Axel Foley, while investigating a car theft ring, comes across something much bigger than that: the same men who killed his boss are running a counterfeit money ring out of a theme park in Los Angeles.
With personal crises and age weighing in on them, LAPD officers Riggs and Murtaugh must contend with deadly Chinese triads that are trying to free their former leaders out of prison and onto American soil.
Three years after the events in Beverly Hills Cop (1984), the street-wise Detroit detective, Axel Foley, invades the posh city once more, after the assassination attempt on Captain Andrew Bogomil. Against the backdrop of a seemingly endless string of violent and well-orchestrated smash-and-grab robberies known as the "Alphabet Crimes", Detectives Billy Rosewood and John Taggart struggle to solve the case; nevertheless, in vain. Now, a lethally beautiful hitwoman linked to an international arms trafficking ring is the mysterious and elusive prime suspect. Can the brazen and sassy Axel and his partners solve this thorny case, too?Written by
On the preview, Taggart tells Axel "You've stolen this house." Axel, sitting on a chair in the pool replies, "How do you steal a house? This is my uncle's house." In the movie, Axel's reply was, "How the f*** do you steal a house. This is...uh...my uncle's house." The framing was also different on this shot. The TV version used the preview edit rather than censoring the film version. See more »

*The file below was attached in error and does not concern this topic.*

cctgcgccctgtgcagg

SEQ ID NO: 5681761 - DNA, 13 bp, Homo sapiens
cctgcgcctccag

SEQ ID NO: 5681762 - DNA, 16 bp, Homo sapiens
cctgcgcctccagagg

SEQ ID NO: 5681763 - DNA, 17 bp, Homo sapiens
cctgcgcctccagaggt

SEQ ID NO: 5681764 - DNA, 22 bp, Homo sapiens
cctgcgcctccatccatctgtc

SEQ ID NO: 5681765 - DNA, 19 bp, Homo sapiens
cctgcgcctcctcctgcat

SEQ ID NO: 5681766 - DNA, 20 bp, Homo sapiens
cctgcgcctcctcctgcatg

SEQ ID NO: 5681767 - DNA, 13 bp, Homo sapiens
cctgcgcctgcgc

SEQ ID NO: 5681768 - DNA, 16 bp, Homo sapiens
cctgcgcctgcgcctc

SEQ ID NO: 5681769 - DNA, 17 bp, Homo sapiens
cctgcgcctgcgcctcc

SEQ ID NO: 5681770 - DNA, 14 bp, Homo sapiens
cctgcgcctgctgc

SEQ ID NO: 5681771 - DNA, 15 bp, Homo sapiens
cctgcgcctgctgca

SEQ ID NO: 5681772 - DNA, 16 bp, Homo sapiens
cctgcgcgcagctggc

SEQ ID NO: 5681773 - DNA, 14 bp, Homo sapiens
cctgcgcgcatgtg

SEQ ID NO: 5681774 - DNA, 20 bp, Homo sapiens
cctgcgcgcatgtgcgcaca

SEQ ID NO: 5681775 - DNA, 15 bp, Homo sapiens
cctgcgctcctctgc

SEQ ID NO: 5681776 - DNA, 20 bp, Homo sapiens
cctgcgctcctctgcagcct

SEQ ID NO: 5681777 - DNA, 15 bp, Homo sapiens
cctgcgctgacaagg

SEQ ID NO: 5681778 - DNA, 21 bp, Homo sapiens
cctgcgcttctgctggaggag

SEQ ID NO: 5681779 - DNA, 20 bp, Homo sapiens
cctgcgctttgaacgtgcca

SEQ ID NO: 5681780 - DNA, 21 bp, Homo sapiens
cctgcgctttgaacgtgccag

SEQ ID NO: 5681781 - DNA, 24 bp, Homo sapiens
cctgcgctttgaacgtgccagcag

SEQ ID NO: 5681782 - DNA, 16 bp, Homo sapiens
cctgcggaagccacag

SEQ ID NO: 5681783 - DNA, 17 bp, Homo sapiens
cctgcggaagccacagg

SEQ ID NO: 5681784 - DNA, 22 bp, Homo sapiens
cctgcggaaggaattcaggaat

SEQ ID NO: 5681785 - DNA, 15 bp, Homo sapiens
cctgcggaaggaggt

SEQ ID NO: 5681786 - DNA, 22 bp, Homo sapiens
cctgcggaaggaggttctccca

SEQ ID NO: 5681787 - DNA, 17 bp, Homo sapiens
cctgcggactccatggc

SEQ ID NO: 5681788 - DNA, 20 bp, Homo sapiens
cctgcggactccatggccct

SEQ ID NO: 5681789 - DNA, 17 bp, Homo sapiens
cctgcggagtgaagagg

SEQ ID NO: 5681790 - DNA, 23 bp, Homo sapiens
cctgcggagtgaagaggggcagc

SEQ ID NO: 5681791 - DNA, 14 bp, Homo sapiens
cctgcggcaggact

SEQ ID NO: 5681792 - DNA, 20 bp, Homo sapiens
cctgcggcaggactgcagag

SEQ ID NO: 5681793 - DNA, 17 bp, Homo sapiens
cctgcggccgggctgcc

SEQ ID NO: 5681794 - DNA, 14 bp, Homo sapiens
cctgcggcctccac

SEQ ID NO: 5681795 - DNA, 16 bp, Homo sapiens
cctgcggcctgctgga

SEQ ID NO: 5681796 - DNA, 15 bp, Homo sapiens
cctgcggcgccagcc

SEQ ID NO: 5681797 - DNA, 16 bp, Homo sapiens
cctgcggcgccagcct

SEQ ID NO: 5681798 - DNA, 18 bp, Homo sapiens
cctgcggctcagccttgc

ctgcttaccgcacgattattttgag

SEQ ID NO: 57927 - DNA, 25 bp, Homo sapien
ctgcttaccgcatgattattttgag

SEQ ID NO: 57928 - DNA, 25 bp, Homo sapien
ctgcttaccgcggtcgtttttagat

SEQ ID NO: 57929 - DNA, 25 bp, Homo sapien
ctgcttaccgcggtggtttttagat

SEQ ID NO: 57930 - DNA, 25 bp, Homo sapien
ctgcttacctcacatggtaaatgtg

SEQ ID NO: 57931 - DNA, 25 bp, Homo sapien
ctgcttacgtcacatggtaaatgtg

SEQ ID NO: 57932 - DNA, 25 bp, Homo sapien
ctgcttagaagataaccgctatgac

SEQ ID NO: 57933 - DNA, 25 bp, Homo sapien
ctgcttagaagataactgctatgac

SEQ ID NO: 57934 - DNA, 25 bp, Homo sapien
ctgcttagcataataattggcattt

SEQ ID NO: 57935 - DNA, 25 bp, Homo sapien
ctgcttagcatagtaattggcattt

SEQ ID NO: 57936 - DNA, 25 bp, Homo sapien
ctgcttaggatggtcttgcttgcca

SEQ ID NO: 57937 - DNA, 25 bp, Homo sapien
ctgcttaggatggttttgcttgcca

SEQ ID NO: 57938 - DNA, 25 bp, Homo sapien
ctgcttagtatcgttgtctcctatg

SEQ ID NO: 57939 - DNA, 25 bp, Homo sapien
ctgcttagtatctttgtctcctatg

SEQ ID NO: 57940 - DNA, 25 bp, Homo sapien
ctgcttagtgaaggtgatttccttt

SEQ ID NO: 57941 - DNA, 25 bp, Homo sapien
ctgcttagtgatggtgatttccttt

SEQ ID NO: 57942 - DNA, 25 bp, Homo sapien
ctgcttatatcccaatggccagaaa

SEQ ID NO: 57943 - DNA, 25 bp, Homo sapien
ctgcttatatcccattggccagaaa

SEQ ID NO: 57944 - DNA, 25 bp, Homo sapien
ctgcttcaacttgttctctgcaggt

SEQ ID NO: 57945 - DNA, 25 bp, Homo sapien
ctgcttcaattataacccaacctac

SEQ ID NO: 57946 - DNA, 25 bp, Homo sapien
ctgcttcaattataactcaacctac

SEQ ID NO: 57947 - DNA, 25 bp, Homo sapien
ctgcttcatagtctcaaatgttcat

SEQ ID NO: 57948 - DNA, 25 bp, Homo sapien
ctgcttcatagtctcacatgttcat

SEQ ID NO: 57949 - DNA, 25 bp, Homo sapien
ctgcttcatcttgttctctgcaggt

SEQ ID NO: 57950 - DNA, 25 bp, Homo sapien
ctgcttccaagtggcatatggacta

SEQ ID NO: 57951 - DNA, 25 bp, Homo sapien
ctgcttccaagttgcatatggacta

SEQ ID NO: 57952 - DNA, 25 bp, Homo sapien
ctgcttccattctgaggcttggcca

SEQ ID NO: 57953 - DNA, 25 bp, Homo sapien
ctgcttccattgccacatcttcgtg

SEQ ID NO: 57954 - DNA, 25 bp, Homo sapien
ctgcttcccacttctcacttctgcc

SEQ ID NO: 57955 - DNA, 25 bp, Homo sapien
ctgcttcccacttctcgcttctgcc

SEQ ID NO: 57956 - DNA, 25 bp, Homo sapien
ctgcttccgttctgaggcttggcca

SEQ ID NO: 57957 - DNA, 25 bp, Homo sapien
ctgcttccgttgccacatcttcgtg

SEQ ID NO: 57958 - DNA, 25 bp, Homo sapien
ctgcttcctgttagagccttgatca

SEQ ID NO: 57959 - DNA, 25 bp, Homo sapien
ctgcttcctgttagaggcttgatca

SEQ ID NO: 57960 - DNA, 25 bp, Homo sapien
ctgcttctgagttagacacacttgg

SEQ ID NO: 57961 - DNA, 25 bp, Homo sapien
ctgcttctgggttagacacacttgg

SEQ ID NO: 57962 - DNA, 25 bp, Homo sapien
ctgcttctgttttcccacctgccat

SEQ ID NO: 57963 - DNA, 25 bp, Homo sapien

Long ago, when Eddie Murphy was the biggest star in Hollywood, Beverly Hills Cop 2 was the most anticipated film of 1987. Movies like Trading Places and 48 Hours made Murphy famous. But Axel Foley made him a superstar. Impressed by Top Gun (even though it's a truly awful film), Don Simpson and Jerry Bruckheimer brought Tony Scott on board to direct. What they forgot to do was polish the script.
Foley returns to Beverly Hills to help solve 'The Alphabet Crimes' after his old pal Lt. Bogomil is gunned down in the street. With Taggart and Rosewood in tow (now actually doing police work instead of standing by) Axel uncovers a seriously convoluted conspiracy.
The story should have taken a back seat to allow Murphy to work over the massive holes in the plot with his distracting wisecracks. I won't lie to you, there are some utterly horrible contrivances in BHC2 (Bogomil's daughter digging up dirt at the insurance company she just happens to work at is honestly the most obnoxious movie coincidence of all time), but you'll just have to suffer them.
This might have been easy to overlook, but Tony Scott, still finding his feet as a director, and his editors turn a great deal of the film into an incomprehensible mess. Some of the continuity errors are just baffling (where did Rosewood get the coffee cup from at the night club crash scene?) and it makes the action quite hard to follow.
However, Tony Scott's highly visual style of filmmaking is far more suiting to this kind of environment. The wealth and decadence of late 80s California is all over this movie, and it's the only aspect where it improves on the original. I doubt the latter day Scott would make the movie this way, but it's definitely the best looking of the trilogy. It's also the only one to be shot in the 2.35:1 aspect ratio (however it's Super35 instead of the superior anamorphic Panavision format).
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